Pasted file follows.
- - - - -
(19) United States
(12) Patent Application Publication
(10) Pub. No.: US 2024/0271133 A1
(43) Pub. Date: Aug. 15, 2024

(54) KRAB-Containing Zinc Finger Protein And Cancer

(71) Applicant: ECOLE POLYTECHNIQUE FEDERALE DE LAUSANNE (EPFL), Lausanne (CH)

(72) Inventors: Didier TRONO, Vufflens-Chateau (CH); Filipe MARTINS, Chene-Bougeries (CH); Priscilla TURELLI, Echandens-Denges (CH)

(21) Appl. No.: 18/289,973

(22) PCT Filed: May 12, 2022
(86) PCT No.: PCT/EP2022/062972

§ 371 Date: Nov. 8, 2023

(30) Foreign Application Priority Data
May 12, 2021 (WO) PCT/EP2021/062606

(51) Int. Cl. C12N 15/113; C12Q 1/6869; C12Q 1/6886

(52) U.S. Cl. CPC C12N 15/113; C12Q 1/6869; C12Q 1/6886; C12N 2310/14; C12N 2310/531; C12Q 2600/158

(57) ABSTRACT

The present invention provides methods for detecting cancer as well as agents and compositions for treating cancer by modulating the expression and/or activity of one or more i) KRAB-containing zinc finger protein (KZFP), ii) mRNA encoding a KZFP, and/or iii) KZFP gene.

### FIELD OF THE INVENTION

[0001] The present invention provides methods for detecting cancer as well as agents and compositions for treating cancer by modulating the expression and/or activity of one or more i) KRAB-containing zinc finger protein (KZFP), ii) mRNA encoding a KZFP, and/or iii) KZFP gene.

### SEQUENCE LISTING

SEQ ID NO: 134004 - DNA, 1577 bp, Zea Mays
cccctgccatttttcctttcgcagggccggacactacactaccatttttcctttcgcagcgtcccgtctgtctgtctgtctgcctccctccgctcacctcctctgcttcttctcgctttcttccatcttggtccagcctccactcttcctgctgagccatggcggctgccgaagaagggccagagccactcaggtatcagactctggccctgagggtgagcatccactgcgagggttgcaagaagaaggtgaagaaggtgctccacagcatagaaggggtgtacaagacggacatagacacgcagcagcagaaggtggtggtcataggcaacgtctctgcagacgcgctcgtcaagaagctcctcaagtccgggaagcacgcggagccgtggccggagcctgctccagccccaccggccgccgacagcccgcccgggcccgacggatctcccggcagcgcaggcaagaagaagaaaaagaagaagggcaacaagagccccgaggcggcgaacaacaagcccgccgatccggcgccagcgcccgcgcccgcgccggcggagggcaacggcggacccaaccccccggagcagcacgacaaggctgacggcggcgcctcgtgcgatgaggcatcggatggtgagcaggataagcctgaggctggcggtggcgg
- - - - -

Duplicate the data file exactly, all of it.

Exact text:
(19) United States
(12) Patent Application Publication
(10) Pub. No.: US 2024/0271133 A1
(43) Pub. Date: Aug. 15, 2024

(54) KRAB-Containing Zinc Finger Protein And Cancer

(71) Applicant: ECOLE POLYTECHNIQUE FEDERALE DE LAUSANNE (EPFL), Lausanne (CH)

(72) Inventors: Didier TRONO, Vufflens-Chateau (CH); Filipe MARTINS, Chene-Bougeries (CH); Priscilla TURELLI, Echandens-Denges (CH)

(21) Appl. No.: 18/289,973

(22) PCT Filed: May 12, 2022
(86) PCT No.: PCT/EP2022/062972

§ 371 Date: Nov. 8, 2023

(30) Foreign Application Priority Data
May 12, 2021 (WO) PCT/EP2021/062606

(51) Int. Cl. C12N 15/113; C12Q 1/6869; C12Q 1/6886

(52) U.S. Cl. CPC C12N 15/113; C12Q 1/6869; C12Q 1/6886; C12N 2310/14; C12N 2310/531; C12Q 2600/158

(57) ABSTRACT

The present invention provides methods for detecting cancer as well as agents and compositions for treating cancer by modulating the expression and/or activity of one or more i) KRAB-containing zinc finger protein (KZFP), ii) mRNA encoding a KZFP, and/or iii) KZFP gene.

### FIELD OF THE INVENTION

[0001] The present invention provides methods for detecting cancer as well as agents and compositions for treating cancer by modulating the expression and/or activity of one or more i) KRAB-containing zinc finger protein (KZFP), ii) mRNA encoding a KZFP, and/or iii) KZFP gene.

### SEQUENCE LISTING

SEQ ID NO: 134004 - DNA, 1577 bp, Zea Mays
cccctgccatttttcctttcgcagggccggacactacactaccatttttcctttcgcagcgtcccgtctgtctgtctgtctgcctccctccgctcacctcctctgcttcttctcgctttcttccatcttggtccagcctccactcttcctgctgagccatggcggctgccgaagaagggccagagccactcaggtatcagactctggccctgagggtgagcatccactgcgagggttgcaagaagaaggtgaagaaggtgctccacagcatagaaggggtgtacaagacggacatagacacgcagcagcagaaggtggtggtcataggcaacgtctctgcagacgcgctcgtcaagaagctcctcaagtccgggaagcacgcggagccgtggccggagcctgctccagccccaccggccgccgacagcccgcccgggcccgacggatctcccggcagcgcaggcaagaagaagaaaaagaagaagggcaacaagagccccgaggcggcgaacaacaagcccgccgatccggcgccagcgcccgcgcccgcgccggcggagggcaacggcggacccaaccccccggagcagcacgacaaggctgacggcggcgcctcgtgcgatgaggcatcggatggtgagcaggataagcctgaggctggcggtggcgg